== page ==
[Haskell-cafe] Re: [Haskell] Recursive definition of fibonacci with Data.Vector

Don Stewart dons at galois.com
Sun Mar 7 20:22:20 EST 2010

> On Mar 7, 2010, at 12:56 PM, Don Stewart wrote:
>     In fact, infinite vectors make no sense, as far as I can tell -- these
>     are fundamentally bounded structures.
> Fourier analysis?  Functional analysis?  Hamel bases in Real analysis?  There
> are lots of infinite dimensional vector spaces out there.

Sorry for the overloading, I mean 'vector' in the sense of Data.Vector.
Being strict in the length, its unclear  to me that you can do much with
infinite ones :-)

Of course, all the nice optimizations will also work for lazy
structures, like lists, but that's a different library.

>     GHC even optimizes it to:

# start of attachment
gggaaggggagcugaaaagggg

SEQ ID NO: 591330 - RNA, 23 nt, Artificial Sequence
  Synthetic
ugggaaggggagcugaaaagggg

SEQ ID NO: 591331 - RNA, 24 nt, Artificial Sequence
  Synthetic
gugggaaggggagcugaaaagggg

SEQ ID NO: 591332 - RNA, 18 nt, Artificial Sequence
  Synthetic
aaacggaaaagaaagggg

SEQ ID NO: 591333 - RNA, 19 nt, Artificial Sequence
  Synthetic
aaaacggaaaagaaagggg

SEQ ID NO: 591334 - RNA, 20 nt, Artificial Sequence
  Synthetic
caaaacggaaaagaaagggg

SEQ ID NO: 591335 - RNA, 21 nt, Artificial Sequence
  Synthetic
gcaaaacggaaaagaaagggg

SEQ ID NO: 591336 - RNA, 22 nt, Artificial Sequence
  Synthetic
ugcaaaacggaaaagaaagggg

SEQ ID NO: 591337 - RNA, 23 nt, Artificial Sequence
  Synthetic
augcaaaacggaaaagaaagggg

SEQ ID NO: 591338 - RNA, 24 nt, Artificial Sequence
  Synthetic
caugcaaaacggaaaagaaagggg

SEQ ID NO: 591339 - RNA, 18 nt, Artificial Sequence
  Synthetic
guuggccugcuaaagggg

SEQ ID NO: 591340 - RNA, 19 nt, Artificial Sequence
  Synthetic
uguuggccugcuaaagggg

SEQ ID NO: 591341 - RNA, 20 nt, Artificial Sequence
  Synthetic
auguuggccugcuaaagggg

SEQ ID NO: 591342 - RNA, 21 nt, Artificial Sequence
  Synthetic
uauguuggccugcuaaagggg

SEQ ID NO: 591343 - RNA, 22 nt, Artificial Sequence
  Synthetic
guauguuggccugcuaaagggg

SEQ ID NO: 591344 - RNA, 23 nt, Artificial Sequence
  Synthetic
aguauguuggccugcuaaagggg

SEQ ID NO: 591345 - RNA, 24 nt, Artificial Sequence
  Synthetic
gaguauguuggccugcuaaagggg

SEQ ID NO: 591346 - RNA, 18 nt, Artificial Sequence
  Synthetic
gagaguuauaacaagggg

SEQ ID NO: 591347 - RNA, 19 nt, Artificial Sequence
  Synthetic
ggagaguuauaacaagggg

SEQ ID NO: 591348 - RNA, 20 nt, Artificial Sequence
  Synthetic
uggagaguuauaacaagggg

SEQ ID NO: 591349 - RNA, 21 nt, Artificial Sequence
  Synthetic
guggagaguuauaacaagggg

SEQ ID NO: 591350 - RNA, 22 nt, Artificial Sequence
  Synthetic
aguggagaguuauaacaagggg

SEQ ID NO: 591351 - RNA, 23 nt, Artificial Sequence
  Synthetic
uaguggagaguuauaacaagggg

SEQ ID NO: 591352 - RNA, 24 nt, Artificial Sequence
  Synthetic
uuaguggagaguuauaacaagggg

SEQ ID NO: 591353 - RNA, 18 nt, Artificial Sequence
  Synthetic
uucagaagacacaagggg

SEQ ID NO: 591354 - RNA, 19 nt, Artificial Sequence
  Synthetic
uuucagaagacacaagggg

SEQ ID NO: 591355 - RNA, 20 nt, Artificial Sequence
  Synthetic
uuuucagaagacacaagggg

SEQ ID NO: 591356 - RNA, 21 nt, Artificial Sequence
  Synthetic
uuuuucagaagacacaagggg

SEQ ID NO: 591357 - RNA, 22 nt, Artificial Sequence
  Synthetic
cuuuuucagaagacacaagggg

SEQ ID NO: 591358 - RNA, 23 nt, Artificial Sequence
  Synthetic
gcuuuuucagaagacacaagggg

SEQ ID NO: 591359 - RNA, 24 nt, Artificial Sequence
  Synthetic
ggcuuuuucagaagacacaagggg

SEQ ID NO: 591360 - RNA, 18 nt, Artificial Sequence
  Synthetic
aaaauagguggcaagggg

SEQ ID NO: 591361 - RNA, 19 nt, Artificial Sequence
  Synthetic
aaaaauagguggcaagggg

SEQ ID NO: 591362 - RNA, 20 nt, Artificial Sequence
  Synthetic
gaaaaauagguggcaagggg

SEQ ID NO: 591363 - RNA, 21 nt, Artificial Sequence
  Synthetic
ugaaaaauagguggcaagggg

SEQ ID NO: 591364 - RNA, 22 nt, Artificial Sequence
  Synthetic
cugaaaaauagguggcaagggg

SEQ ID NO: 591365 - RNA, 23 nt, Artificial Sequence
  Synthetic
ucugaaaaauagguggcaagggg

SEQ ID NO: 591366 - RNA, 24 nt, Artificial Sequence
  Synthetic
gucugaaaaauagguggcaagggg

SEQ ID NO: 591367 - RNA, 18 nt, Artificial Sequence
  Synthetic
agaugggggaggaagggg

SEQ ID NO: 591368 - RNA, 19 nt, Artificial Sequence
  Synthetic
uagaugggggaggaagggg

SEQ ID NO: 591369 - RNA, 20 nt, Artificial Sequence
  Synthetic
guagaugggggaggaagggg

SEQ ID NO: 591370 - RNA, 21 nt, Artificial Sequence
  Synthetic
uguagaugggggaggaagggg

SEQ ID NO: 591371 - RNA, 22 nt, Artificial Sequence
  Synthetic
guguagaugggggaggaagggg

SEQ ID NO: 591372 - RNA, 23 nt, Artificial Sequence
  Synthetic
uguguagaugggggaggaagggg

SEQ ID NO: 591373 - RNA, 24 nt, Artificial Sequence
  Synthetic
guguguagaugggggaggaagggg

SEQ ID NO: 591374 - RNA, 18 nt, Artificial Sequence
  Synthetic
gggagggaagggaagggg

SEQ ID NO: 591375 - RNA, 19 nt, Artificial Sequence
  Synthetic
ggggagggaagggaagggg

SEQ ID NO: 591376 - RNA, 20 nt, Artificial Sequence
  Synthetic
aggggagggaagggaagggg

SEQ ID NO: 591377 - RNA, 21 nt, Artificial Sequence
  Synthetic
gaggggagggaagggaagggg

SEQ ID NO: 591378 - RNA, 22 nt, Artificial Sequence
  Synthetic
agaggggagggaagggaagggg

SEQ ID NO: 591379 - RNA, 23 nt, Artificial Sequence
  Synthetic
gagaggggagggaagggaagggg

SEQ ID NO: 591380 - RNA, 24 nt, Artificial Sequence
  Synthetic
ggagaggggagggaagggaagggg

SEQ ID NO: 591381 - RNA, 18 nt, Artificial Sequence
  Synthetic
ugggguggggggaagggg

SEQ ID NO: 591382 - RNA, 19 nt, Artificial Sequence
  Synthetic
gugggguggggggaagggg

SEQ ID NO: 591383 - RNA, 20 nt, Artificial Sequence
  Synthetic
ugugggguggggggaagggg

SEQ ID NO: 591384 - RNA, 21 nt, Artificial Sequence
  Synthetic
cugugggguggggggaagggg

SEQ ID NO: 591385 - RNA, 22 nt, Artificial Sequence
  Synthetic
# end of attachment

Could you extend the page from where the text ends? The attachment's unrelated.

>        fib = fib
> Sounds like an implementation bug, not an infinite dimensional vector space
> bug.  My guess is that strictness is getting in the way, and forcing what would
> be a lazy call to fib in the corresponding list code -- fib = 0 : 1 : (zipWith
> (+) fib (tail fib)) -- into a strict one.
> In fact, I'm pretty sure that's what the problem is:
> data Vector a = Vector {-# UNPACK #-} !Int
>                        {-# UNPACK #-} !Int
>                        {-# UNPACK #-} !(Array a)
> The !'s mean "strict" right?

That's precisely the right semantics for strict-in-the-length arrays.
And it is brilliant that GHC reduces it all down to the minimal possible
program that has the same semantics as a non-terminating strict-length
infinite array.

-- Don

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